The seventh newsletter of HEALS is... ...
Using data fusion techniques, traditional health and exposure data derived from fixed monitoring networks will be supplemented by a range of emerging novel techniques and technologies such as Agent Based Models (ABM), mobile phone apps, environmental sensor-webs, micro-sensors and satellite remote sensing. In addition we will considerably improve exposure modelling and phenotype identification using deterministic and probabilistic approaches, and applying new epidemiological and statistical methods to relate modelled exposure to health outcomes. ABM will be informed by data relating to an individual’s behaviour within his/her environment (such as movement data within specific micro-environments) and between individuals exploring interactions around health related behaviours and issues such as low Socioeconomic status (SES). Using these parameters and the evolution of agents, simulations will produce detailed information relating to the emulated systems, data that can be used to fill in the gaps that exist in traditional datasets. This holistic approach is highly novel, taking the best from existing monitoring and sensor technology, but supplementing it with computational modeling simulations where real-world data is unavailable at the spatial and temporal scales that the individual exposome requires. Although commonly used elsewhere, ABM and fusion methods have not been applied to our knowledge in environmental epidemiology. This array of novel technologies, coupled with state-of-the-art environmental monitoring of chemical health stressors will provide a complete and dynamic picture of external exposure to environmental chemicals.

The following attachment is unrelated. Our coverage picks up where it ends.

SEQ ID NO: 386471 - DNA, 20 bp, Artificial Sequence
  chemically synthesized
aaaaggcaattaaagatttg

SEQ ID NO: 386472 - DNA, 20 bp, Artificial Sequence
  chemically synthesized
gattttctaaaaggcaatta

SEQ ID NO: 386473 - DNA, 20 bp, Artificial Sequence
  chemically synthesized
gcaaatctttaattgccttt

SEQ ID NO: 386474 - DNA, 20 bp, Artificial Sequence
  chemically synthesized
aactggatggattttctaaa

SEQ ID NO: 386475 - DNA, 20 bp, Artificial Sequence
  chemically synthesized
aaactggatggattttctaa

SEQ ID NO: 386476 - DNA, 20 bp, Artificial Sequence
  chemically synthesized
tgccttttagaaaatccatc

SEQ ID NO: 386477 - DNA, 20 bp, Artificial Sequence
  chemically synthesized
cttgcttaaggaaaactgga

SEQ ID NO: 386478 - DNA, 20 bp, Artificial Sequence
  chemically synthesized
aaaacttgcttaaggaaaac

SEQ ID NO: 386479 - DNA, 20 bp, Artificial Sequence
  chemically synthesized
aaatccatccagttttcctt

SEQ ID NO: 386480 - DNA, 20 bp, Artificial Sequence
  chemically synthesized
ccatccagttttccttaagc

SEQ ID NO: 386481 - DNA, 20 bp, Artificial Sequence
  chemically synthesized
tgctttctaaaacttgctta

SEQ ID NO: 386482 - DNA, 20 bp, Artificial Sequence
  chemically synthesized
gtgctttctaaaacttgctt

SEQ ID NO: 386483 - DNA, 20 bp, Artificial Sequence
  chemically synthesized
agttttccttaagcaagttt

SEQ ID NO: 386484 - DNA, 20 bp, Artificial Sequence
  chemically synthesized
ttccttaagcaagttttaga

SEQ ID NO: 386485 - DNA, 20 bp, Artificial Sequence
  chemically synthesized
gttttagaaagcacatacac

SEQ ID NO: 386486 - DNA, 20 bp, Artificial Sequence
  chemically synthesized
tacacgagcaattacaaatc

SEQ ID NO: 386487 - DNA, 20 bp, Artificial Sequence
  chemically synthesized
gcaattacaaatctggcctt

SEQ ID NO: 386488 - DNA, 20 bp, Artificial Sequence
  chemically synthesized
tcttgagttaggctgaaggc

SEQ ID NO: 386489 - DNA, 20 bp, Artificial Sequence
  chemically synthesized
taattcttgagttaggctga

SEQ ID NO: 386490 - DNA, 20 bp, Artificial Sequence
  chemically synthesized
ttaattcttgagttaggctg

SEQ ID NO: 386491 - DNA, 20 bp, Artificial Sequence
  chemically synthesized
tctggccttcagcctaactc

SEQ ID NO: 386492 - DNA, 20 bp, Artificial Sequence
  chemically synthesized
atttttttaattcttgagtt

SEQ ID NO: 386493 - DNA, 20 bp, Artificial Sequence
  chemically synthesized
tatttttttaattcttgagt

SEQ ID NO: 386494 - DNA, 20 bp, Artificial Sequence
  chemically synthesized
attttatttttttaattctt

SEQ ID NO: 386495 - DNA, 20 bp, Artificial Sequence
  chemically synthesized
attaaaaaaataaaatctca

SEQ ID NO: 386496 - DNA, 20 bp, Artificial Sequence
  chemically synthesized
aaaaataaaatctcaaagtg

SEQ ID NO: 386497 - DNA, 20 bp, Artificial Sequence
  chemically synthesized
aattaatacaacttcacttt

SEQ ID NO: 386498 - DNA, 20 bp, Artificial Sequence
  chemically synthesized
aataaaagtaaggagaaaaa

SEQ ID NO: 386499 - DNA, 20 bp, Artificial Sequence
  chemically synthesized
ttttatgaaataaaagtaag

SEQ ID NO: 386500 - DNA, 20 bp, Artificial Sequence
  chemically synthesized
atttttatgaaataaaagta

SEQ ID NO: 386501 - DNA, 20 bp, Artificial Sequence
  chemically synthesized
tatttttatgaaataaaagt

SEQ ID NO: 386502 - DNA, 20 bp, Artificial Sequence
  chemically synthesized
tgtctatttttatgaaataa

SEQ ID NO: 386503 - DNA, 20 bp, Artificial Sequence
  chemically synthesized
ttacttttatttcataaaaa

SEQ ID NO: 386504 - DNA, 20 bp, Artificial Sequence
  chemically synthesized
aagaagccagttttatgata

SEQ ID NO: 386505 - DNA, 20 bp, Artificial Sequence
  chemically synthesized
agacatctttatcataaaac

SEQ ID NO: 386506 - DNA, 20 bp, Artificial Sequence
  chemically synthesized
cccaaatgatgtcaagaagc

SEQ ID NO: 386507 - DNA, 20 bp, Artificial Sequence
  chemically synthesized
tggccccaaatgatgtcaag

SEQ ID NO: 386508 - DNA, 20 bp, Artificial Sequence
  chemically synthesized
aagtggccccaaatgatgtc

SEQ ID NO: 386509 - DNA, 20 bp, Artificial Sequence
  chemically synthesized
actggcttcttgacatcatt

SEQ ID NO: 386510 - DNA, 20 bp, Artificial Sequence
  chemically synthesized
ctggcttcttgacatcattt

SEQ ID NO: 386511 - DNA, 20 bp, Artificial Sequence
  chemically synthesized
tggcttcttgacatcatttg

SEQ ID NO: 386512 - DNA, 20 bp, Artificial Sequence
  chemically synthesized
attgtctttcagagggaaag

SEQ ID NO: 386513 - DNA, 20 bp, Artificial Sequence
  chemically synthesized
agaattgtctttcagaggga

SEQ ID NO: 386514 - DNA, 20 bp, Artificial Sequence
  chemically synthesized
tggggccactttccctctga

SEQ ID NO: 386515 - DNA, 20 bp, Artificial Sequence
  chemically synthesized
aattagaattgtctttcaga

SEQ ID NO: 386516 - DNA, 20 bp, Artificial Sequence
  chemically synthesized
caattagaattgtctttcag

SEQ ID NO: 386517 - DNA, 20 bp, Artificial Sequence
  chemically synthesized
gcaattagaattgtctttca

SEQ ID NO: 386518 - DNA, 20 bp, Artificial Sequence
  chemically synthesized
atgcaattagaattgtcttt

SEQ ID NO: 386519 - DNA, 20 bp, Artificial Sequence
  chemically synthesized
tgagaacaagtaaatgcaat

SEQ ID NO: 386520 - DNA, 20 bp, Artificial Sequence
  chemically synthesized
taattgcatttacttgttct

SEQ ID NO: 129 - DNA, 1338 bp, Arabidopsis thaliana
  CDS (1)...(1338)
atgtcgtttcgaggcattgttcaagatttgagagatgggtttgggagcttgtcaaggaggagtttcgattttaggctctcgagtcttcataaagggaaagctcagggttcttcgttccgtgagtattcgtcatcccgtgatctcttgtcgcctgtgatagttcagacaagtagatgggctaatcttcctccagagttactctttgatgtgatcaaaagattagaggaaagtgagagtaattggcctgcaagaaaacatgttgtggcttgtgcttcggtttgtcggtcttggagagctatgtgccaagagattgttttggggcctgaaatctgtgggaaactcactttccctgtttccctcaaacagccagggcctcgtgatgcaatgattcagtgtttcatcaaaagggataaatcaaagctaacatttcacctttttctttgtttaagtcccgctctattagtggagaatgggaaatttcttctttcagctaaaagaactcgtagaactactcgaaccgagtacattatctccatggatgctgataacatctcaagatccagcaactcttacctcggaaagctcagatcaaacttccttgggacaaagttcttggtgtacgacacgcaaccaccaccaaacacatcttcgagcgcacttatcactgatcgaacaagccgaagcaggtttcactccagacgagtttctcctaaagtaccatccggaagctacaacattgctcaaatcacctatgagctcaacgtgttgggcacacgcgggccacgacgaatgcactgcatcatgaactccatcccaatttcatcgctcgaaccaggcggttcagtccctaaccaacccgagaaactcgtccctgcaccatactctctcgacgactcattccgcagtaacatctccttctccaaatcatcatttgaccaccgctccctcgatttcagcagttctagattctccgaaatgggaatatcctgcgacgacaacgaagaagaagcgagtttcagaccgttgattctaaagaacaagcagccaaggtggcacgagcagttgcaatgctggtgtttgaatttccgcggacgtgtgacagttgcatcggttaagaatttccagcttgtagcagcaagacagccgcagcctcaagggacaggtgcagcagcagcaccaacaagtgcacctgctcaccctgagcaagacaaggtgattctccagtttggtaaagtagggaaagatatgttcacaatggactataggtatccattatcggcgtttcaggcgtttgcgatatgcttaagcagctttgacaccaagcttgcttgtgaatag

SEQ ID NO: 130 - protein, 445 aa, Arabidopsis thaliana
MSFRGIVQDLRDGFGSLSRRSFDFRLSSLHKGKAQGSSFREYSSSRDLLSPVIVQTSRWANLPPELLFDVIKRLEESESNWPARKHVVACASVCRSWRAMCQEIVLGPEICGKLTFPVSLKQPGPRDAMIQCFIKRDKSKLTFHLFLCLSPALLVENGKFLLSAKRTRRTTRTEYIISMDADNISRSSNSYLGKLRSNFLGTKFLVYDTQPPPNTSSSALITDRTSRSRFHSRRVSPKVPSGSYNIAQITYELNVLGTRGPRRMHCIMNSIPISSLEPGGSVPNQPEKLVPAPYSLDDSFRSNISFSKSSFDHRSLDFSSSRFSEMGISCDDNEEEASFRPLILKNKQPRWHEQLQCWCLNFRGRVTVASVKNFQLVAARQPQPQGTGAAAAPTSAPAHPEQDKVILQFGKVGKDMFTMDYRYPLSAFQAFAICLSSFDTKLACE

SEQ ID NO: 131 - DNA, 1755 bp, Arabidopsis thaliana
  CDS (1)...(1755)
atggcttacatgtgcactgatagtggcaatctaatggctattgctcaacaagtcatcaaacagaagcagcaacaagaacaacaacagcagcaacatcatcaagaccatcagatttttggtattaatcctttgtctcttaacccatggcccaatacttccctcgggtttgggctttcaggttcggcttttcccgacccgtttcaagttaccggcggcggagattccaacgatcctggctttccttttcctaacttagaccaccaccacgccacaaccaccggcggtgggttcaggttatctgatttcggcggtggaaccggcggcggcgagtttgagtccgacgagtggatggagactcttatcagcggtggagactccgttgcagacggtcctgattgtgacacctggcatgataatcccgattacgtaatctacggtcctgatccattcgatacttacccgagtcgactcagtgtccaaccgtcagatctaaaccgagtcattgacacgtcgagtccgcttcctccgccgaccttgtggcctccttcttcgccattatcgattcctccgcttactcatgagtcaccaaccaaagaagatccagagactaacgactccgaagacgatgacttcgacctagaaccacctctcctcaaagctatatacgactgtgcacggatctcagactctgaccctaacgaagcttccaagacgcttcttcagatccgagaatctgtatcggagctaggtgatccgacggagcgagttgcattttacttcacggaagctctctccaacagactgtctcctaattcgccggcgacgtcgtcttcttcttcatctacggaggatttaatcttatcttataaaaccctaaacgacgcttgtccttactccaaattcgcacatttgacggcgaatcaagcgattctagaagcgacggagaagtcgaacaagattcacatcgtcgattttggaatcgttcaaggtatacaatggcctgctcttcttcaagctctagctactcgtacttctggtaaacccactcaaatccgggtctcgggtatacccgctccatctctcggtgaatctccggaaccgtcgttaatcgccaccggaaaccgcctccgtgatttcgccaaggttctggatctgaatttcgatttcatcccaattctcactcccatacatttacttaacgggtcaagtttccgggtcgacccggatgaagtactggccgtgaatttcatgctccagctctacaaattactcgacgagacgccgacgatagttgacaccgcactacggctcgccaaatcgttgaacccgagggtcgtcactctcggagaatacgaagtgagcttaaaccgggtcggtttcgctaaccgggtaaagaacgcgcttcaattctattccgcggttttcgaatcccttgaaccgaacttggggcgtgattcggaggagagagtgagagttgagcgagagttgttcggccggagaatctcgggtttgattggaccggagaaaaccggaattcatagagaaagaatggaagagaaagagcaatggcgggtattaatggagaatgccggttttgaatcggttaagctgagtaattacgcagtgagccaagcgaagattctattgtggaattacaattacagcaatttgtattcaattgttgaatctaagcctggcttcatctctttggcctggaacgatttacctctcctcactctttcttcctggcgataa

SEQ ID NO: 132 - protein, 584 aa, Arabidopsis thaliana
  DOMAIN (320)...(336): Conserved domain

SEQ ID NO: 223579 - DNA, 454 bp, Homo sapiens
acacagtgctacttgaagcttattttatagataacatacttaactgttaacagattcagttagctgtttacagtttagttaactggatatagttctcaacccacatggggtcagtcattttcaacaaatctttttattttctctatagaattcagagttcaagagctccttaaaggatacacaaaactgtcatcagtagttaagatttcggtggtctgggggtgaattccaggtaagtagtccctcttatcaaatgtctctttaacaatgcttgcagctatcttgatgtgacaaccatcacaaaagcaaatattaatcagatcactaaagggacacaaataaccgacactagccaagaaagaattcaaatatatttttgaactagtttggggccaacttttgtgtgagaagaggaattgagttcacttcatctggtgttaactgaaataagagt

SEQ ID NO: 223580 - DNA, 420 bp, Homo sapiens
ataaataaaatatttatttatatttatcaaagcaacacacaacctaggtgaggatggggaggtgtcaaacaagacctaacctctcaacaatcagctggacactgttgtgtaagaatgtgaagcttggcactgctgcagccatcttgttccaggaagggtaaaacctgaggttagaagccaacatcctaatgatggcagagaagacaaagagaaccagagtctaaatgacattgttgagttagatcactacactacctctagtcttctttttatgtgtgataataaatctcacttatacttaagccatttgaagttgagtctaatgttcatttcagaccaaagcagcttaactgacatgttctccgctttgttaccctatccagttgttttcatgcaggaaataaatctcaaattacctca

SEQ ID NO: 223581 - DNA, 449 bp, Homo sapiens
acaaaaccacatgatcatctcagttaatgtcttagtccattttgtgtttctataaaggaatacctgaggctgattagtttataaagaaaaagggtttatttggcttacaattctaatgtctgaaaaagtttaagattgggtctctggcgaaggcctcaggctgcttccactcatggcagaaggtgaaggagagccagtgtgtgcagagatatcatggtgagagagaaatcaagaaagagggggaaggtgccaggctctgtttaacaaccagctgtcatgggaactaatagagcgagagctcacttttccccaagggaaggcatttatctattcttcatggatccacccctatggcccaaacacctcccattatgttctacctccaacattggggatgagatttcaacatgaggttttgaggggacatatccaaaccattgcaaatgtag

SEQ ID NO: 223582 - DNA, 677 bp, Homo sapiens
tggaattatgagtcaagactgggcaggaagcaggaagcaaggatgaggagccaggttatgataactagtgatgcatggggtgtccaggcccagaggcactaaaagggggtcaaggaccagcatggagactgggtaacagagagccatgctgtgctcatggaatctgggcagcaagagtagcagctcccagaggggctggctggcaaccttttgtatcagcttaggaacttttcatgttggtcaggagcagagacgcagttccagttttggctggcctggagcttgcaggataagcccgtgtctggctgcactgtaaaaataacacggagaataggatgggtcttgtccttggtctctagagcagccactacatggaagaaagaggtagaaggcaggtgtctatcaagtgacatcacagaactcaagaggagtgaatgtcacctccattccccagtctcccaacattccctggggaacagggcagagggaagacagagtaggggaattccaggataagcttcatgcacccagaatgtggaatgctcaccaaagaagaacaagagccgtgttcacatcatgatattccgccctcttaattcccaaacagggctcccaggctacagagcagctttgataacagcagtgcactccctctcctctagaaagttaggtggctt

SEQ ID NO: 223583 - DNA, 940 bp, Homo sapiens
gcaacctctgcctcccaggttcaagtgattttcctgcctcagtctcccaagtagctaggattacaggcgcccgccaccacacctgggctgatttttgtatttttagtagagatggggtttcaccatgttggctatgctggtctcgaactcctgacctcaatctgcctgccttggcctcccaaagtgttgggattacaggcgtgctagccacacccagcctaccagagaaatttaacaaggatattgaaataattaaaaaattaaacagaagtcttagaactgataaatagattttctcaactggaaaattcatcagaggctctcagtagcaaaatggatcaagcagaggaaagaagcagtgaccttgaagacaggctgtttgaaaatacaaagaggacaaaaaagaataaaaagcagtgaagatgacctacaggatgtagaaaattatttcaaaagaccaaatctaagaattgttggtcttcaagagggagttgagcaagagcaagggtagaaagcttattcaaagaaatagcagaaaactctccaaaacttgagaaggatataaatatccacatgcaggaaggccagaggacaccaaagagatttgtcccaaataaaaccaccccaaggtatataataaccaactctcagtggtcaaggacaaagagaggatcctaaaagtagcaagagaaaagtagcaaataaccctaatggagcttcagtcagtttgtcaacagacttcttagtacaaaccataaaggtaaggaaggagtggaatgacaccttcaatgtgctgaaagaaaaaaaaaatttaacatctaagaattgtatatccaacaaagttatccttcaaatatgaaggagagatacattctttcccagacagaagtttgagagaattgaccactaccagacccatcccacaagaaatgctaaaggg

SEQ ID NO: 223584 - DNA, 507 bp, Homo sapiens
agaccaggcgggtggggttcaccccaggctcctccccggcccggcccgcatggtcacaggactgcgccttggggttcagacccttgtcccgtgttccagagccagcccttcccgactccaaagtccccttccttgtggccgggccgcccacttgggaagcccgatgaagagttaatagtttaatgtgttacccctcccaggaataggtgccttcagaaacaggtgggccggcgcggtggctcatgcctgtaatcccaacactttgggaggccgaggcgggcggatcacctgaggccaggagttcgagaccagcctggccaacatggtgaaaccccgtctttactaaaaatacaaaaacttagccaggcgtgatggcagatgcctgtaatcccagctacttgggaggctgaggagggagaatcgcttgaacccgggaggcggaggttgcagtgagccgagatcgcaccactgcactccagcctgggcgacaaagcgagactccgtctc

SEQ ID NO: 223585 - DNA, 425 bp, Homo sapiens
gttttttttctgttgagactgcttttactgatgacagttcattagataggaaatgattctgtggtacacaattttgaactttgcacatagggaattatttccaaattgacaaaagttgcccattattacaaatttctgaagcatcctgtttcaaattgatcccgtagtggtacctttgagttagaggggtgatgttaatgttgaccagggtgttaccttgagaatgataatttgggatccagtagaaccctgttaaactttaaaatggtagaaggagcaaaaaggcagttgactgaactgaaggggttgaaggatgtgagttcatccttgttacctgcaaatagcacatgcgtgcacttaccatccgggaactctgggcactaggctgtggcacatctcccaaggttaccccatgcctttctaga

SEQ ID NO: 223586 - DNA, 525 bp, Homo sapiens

Human biomonitoring (HBM)/ Omics
HEALS also focuses on the main biological processes that govern the biological and physiological responses to toxicological insults from environmental xenobiotics. Thus, it introduces the integrated approach to health risk assessment, which attempts to draw the maximum benefit from the exposure information related to the biomonitoring data collected throughout Europe. Biomonitoring studies performed so far in the EU (e.g. COPHES) indicate that children are exposed to several environmental contaminants/stressors but there is still limited or inadequate epidemiologic evidence to support clear associations between environmental exposures and health outcomes. Major HBM limitations concern the sample size, the lack of information on sources of exposure, the choice of biomarkers of exposure, the lack of consideration of susceptibility, and last but not least the great variability of testing age and health outcomes considered. HEALS intends to contribute to filling these knowledge gaps, by taking advantage of data collected in on-going EU human biomonitoring and epidemiological studies (including twin studies) to extract relevant information both for exposure and health effects in order to identify and validate predictive biomarkers to be applied in a pilot survey including singletons and twins cohorts across the EU.